A recent comment from one of our readers:
“How do you deal with hair stylists who feel the need to comment negatively on your gray hair every single time they see you?”
Oh no they didn’t!!
“I have been to 5 different stylists in the past two years, and none of them seem to want to respect my decision not to dye my hair. I always dread going for a cut, and I leave feeling like I look horrible, fearing that everyone must be thinking the same thing, but these hair stylists are the only ones to say it. Does anyone else experience this and if so, how do you deal with it? These comments are taking a toll on my self-confidence.”
We got some great feedback from our community about how to gain respect from a hairstylist who is less than thrilled about you going gray. Thanks to all who you left great comments on our Facebook page and here on the website. Here are some of your suggestions (no edits, your words) 🙂
“I have encountered this reaction from my old stylist, who colored my hair for two years and didn’t like my decision to stop. My reaction has been to grow my hair for the last two years, but it’s at the point where I at least need to get the ends trimmed. I will look for someone new, with whom I can establish a fresh start. First thing I will say is, “I love my salt n’ pepper hair, and have no intention of coloring it. If this isn’t okay with you, let me know right now because I don’t need to dread your judgment with each scheduled haircut.” I have used the honest approach in establishing new relationships with other professionals, and it has never failed me.”
“There are times to project a powerful persona to garner respect, but if I need to do that to get a decent haircut, that’s so wrong! I get your point, but I would prefer finding someone who can show basic respect for the zaftig, fresh-scrubbed, and gray among us.”
“I’m through transitioning to ‘no coloring’ in my life, and LOVE having mostly gray hair! During the growing-out year, I decided to mainly ignore people who worked in the beauty biz regarding coloring, because I believe they are geared toward SELLING color. Let them have their say, pay no attention, and toss your glorious gray hair over your shoulder as you walk out.”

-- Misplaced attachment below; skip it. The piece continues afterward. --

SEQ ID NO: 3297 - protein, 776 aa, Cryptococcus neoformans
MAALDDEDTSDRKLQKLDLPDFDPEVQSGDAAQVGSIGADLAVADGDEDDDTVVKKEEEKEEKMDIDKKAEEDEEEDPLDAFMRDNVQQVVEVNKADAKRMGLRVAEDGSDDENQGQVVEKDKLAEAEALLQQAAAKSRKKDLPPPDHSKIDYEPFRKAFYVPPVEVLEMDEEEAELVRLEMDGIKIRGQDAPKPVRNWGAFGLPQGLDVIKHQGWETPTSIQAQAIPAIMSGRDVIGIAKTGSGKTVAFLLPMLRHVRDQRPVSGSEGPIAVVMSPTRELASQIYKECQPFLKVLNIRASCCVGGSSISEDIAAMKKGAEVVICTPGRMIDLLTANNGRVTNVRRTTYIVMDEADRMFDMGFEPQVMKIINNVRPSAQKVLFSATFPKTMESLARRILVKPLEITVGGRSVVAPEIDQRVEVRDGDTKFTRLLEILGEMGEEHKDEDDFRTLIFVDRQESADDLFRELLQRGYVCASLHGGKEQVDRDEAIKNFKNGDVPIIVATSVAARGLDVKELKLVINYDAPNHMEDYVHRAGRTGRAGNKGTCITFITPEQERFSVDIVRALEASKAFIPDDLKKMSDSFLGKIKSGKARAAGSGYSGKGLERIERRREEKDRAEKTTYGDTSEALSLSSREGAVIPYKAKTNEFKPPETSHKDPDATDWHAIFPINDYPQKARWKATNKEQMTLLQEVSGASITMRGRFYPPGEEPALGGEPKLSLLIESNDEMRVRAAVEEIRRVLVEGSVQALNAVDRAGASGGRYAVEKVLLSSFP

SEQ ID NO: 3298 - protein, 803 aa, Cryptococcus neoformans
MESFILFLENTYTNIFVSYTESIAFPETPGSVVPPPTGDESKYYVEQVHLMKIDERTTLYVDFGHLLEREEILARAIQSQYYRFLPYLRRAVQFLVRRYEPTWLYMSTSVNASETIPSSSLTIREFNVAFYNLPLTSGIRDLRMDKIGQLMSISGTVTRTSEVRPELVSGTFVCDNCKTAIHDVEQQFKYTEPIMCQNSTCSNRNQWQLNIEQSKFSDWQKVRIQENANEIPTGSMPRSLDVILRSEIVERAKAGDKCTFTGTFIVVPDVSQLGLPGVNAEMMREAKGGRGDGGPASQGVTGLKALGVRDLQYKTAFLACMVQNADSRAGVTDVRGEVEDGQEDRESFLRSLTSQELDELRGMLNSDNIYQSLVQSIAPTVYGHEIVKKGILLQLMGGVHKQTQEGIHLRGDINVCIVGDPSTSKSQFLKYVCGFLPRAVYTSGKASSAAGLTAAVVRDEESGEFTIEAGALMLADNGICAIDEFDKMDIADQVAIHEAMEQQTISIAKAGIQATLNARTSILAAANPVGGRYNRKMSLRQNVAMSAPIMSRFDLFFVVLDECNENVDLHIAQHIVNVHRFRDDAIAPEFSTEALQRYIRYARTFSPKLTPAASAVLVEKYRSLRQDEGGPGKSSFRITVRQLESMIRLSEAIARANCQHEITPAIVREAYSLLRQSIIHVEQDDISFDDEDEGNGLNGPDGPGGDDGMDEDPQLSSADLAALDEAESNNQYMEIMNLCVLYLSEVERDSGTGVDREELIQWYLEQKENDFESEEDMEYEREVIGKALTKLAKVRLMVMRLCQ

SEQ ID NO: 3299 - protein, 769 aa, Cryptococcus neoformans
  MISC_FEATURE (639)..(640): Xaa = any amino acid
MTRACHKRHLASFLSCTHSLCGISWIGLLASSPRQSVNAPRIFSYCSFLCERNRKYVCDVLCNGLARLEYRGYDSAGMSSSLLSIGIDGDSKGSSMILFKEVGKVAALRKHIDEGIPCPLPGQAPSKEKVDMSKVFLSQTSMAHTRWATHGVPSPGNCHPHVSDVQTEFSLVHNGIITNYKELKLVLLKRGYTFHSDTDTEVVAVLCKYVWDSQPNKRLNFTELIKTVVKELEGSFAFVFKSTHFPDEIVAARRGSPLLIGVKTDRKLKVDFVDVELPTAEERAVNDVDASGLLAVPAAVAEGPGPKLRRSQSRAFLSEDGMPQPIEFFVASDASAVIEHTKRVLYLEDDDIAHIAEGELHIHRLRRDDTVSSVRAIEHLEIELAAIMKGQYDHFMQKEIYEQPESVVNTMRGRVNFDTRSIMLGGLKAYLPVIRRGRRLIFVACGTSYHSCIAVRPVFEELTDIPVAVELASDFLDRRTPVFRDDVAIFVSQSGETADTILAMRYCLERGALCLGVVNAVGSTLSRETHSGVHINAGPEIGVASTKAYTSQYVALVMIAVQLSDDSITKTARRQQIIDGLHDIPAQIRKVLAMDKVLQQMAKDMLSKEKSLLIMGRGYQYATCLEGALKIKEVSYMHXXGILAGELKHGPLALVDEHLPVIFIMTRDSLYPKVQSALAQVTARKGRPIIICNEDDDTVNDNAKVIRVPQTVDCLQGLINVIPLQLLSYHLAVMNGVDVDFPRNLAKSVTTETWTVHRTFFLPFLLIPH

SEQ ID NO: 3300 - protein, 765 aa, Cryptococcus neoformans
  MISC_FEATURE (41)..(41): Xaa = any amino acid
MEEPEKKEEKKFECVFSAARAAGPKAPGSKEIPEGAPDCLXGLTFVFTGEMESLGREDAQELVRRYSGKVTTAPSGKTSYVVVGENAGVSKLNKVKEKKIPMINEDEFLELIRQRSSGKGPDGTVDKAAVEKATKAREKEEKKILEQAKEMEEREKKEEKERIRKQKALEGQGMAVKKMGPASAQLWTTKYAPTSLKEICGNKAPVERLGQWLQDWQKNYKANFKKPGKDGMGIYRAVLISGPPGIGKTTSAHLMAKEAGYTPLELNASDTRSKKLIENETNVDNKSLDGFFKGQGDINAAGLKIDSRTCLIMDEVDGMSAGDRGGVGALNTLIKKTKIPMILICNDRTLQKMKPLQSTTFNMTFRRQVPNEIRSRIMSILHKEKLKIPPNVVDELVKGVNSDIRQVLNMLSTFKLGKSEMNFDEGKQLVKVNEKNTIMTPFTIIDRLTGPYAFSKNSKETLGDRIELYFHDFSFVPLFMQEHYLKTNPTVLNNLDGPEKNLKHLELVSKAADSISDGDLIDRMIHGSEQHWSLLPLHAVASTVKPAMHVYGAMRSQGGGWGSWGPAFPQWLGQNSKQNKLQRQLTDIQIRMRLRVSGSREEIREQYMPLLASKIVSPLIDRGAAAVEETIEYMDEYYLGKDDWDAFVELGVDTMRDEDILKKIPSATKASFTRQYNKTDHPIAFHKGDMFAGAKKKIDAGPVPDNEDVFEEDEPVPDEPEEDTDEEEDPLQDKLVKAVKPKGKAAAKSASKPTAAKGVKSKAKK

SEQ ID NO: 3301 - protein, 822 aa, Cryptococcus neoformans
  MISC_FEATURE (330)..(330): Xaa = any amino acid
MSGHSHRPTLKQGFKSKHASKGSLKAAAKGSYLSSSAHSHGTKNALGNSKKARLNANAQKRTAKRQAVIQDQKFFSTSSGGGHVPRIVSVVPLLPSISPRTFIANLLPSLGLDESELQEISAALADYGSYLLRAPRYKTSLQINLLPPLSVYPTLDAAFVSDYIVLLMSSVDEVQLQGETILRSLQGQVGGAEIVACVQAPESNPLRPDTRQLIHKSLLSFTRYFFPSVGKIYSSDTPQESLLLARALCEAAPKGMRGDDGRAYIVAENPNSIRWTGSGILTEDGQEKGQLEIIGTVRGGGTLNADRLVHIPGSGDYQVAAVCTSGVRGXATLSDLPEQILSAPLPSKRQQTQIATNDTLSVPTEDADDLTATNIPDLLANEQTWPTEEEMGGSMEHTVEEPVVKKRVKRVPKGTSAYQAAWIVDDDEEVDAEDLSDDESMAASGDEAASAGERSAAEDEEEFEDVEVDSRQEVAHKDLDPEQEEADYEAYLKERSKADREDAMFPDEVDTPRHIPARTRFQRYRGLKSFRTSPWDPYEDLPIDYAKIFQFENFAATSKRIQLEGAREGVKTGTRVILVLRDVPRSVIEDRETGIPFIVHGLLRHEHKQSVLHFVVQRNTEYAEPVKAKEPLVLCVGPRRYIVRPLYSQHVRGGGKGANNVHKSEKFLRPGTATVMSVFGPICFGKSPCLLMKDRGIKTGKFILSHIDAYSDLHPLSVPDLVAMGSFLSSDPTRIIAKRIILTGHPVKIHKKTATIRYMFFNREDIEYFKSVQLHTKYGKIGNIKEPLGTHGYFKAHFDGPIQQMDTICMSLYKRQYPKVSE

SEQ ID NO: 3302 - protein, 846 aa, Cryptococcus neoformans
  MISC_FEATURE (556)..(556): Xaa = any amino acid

“Grey hair gives a huge message that you have loads of confidence in yourself and the fact that you (we) are aging, but not trying to hide it like the majority. Going grey is rebellious!! People don’t like it. The hairdresser is challenged and intimidated.”
“My stylist respects my decision as my own and is working with me to achieve my “grow out” with the dignity and pizazz that she has lent to me for years while I was coloring it. I know back in the day, she didn’t think anyone should have grey, but I think ideas of style are changing. I was apprehensive to tell her I was going natural, but she made me feel that if anyone can pull it off, it’s me! no matter the style or color we must do style business w those we vibe with who lend their skills to our vision for our bodies. I would move on till I found someone who gets it. will rock it out for you.”
“Find a new one! My longtime stylist dropped me after I went gray! It wasn’t worth her time for just the price of a cut without color. I asked a salon owner that I trust which stylist understood thick wavy hair best & took his recommendation. Absolutely LOVE my new cut & stylist! You are hiring THEM, so don’t put up with any nonsense! A good cut is key to managing the gray, so find someone both experienced AND pleasant to work with. Especially if you are a bit younger & don’t want to go ultra short. (I’m 50 & have a stacked, angled chin length bob – basically the same style I would have even if I weren’t gray.)”
“Not only did the following service help me find my new curly stylist, but it also has user-ratings, making me feel better about using a locator thingee: http://www.naturallycurly.com. When I called my stylist, I told her I found her via the locator from that site, and of course, I had read her reviews. But I also asked her if she had a problem with me transitioning to gray, meaning that I’ll have three colors — including the grays died brown, but fade to orange. No problem, so I made an appt. Her being a curl specialist, I knew she KNEW about shrinkage, so one less thing to explain, but I did let her know it was VERY important to me to have a ponytail, as it’s fairly hot where I live (last month’s highs: 107-109F). Plus I usually resort to ponies for days 3-5 (older curlies don’t need to wash every day LOL). So I’m still tri-toned (Cold Turkey, no transitioning high/lo lights), but have a lot less hair that still goes into a ponytail. My hairdresser advised me on researching vitamins to increase hair growth so we can get rid of the dyed hair quicker. I love my new stylist, a curly expert that’s also very encouraging to transitionists like me.”
Thanks, ladies! Any more suggestions out there? Feel free to leave a comment!